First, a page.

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Shirley Givens, Peabody violin teacher, dies

Violin instructor Shirley Givens once performed with a musical ensemble at the White House for President Dwight D. Eisenhower.
Violin instructor Shirley Givens once performed with a musical ensemble at the White House for President Dwight D. Eisenhower. (Handout)

Shirley Givens, a retired faculty member and violin instructor at the Peabody Institute, died of pancreatic cancer on Jan. 10 at her New York City home. She was 87.

Born in Canton, Ohio, she was the daughter of Fred Givens, a World War I Army officer and railroad engineer, and his wife, Hilda, an amateur pianist and singer.

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Her mother wanted Ms. Givens to break into film work, and as a child she lived for a time in Pasadena, Calif., and appeared in movies and short subjects.

She returned to her home in Louisville, Ohio, and made a concert debut with the Canton Symphony Orchestra at age 11. She then moved to New York and studied at the Juilliard School with musician and teacher Ivan Galamian.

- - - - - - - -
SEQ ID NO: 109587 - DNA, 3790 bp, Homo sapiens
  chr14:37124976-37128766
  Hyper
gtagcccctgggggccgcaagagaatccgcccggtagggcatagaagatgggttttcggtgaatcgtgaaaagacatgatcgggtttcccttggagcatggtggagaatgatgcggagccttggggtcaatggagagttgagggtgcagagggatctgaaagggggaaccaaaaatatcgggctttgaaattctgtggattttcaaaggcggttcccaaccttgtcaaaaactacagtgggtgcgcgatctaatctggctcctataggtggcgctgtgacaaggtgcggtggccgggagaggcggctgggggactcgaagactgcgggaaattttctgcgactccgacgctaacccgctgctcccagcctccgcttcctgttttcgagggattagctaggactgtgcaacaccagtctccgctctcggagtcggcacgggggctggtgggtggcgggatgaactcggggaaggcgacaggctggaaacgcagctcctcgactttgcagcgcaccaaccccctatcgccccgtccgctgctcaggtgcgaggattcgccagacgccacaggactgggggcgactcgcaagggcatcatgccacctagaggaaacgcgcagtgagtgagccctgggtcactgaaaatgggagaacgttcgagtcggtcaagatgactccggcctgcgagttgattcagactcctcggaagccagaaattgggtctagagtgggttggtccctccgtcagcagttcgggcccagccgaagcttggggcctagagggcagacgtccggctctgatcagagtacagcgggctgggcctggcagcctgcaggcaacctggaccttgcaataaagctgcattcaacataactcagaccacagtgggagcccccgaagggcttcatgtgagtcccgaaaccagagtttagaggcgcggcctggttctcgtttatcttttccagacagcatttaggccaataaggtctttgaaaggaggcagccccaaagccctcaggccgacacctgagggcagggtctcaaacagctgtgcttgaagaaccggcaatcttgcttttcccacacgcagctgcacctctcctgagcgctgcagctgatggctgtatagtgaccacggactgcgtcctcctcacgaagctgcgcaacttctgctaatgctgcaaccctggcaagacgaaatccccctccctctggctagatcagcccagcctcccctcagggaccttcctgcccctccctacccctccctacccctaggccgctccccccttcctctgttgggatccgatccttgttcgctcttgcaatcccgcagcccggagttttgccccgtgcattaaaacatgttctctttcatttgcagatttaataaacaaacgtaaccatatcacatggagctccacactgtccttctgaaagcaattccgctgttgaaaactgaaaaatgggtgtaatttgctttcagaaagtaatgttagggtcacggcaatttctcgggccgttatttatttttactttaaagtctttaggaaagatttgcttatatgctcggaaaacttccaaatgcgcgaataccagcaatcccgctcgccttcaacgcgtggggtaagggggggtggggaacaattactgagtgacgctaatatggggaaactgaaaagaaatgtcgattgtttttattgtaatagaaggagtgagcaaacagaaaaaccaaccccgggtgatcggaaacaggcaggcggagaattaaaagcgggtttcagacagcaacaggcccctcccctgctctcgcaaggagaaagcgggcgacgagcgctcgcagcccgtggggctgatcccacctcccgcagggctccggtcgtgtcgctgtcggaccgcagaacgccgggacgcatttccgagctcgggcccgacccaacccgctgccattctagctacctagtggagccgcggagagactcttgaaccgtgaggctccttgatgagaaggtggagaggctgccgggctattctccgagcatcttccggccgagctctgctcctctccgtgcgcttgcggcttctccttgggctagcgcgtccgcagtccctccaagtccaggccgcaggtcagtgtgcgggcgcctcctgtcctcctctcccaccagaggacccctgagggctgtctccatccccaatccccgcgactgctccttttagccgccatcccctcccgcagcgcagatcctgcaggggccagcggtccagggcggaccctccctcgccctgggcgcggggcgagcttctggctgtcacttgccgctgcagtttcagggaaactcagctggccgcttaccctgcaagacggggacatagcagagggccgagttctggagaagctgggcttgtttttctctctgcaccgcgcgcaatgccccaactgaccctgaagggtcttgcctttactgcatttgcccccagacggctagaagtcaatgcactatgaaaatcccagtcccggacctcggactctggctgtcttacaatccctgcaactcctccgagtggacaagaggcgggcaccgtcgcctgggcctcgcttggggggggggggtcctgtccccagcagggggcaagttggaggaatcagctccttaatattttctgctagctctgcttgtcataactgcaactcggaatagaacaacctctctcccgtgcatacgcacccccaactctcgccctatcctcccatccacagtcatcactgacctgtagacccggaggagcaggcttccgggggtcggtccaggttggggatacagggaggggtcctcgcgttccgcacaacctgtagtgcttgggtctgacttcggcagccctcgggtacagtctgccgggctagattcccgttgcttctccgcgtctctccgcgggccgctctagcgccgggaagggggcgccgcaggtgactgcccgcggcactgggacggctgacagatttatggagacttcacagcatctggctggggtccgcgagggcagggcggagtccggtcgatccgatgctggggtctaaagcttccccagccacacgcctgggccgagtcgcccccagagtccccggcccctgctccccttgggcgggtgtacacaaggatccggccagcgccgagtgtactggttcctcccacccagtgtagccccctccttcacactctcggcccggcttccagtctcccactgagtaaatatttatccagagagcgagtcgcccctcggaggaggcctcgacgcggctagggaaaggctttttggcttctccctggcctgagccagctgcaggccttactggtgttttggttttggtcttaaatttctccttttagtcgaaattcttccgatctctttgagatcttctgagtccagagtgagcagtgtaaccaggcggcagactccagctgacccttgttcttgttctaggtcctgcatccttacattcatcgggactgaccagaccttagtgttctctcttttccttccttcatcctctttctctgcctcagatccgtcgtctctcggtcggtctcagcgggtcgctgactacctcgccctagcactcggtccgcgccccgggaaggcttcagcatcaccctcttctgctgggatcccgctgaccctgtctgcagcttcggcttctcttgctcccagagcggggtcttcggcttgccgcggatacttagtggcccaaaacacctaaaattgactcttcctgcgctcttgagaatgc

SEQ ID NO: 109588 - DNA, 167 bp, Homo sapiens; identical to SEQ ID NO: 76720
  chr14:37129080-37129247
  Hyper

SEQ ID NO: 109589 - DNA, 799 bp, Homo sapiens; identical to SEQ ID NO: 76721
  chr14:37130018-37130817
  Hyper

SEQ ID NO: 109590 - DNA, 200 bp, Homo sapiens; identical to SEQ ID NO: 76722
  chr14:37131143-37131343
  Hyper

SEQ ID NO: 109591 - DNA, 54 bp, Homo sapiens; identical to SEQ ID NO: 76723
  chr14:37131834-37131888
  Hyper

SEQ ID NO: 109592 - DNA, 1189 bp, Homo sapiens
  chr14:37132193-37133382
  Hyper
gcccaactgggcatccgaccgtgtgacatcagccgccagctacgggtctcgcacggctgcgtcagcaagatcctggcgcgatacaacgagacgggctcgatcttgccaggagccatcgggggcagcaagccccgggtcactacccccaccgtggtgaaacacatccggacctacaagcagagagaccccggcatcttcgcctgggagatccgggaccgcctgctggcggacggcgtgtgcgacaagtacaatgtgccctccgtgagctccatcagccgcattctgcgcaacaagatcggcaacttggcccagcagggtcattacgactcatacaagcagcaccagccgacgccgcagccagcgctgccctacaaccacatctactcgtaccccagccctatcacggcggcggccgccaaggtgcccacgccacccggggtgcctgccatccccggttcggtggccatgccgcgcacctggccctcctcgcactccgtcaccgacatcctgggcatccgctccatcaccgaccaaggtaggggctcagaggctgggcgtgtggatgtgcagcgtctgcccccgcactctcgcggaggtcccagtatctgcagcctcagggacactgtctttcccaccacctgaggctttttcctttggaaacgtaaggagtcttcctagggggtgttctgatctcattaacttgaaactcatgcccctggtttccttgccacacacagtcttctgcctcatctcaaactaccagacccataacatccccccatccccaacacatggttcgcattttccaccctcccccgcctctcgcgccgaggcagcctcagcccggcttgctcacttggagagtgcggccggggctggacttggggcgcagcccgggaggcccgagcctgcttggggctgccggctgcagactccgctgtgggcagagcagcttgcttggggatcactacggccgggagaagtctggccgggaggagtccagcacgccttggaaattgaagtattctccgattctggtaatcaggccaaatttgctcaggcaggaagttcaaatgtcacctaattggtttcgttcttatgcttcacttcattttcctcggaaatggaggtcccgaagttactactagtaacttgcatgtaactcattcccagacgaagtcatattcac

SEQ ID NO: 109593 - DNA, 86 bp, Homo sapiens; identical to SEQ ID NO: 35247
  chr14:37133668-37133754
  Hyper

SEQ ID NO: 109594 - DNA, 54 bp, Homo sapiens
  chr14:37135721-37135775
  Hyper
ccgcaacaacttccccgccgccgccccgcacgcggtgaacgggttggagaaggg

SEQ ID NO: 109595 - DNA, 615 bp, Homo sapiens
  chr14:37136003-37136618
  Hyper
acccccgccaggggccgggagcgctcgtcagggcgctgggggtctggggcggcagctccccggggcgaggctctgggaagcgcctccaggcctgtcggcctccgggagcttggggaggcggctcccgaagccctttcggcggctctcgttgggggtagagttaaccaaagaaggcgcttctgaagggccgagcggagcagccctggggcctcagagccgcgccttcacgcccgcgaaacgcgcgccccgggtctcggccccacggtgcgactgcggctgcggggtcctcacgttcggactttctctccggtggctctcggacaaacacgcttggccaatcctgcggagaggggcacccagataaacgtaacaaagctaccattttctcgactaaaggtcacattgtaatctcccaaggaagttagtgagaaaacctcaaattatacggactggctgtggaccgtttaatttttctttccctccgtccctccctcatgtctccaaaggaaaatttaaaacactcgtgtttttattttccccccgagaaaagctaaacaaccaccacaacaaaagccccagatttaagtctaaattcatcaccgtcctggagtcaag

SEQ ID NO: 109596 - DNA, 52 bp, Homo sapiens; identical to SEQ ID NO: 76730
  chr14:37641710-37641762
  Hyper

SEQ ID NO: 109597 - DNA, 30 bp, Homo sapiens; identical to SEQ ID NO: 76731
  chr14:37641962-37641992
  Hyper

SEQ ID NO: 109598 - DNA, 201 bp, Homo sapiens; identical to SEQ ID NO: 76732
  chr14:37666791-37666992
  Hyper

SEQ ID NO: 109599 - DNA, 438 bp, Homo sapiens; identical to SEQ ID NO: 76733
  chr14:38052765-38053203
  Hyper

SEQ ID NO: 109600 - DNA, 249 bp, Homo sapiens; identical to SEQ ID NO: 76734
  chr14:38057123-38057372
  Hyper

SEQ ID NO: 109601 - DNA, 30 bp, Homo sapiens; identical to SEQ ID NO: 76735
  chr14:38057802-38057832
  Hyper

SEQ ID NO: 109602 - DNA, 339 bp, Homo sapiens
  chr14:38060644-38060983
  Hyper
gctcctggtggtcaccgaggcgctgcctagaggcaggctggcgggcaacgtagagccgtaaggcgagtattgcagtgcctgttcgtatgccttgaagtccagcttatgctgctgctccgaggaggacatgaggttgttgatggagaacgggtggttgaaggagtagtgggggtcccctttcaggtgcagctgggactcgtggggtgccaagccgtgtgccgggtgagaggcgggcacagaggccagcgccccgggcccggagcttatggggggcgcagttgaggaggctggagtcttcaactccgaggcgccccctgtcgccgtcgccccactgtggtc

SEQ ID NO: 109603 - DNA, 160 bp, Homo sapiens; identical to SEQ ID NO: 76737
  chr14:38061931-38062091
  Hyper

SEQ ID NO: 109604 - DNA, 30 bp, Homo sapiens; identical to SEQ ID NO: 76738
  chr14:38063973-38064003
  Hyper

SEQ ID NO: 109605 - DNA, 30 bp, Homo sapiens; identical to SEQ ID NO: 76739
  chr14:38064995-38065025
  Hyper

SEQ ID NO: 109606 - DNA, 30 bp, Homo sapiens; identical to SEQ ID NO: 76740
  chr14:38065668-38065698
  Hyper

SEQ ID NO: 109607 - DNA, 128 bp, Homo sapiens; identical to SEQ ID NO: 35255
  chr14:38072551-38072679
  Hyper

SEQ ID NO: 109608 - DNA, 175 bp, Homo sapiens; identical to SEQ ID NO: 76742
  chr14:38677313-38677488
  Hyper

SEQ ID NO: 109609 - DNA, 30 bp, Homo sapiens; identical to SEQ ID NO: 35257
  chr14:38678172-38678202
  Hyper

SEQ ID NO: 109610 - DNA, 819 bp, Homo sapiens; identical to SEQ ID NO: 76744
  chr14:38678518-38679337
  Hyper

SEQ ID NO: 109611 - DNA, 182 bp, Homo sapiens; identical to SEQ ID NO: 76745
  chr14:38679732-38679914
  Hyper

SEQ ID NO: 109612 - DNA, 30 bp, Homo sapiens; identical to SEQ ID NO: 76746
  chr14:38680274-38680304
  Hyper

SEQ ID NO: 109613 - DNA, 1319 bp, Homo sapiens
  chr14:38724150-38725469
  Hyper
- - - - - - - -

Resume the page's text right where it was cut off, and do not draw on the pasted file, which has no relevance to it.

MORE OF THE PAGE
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She once performed with a musical ensemble at the White House for President Dwight D. Eisenhower.

“In her teaching, my mother was known for building a firm technical and musical foundation through efficient and well-organized practice methods,” said her daughter, Tiana Wimmer of Mill Valley, Calif.

Ms. Givens was recruited to the Peabody faculty by its dean, Eileen Cline. Family members said she was interviewed for the position by the Peabody’s former president, Robert Pierce.

“Although she never relocated to Baltimore, my mother commuted there every week during the school year. For years she was staying over for as many as three days per week,” said her daughter. “She typically rose at 5 a.m. to catch an early train from New York City and returned late in the evening several days later.

“She used every spare hour to teach individual lessons and master classes,” Ms. Wimmer said. “She was deeply dedicated to her students at Peabody.”

In 1992 she and Christian Colberg performed Mozart’s “Symfonia Concertante” with the Peabody Concert Orchestra as part of the Carrie May Zintl Concert at the Miriam A. Friedberg Concert Hall on Mount Vernon Place.

She also drew illustrations for a set of instructional books: “The Givens Method” and “Adventures in Violin Land.”

Plans for a fall memorial service are incomplete

In addition to her daughter, survivors include her husband of 63 years, cellist Harry Wimmer; a son, Kevin Wimmer of Lafayette, La.; and two grandchildren.

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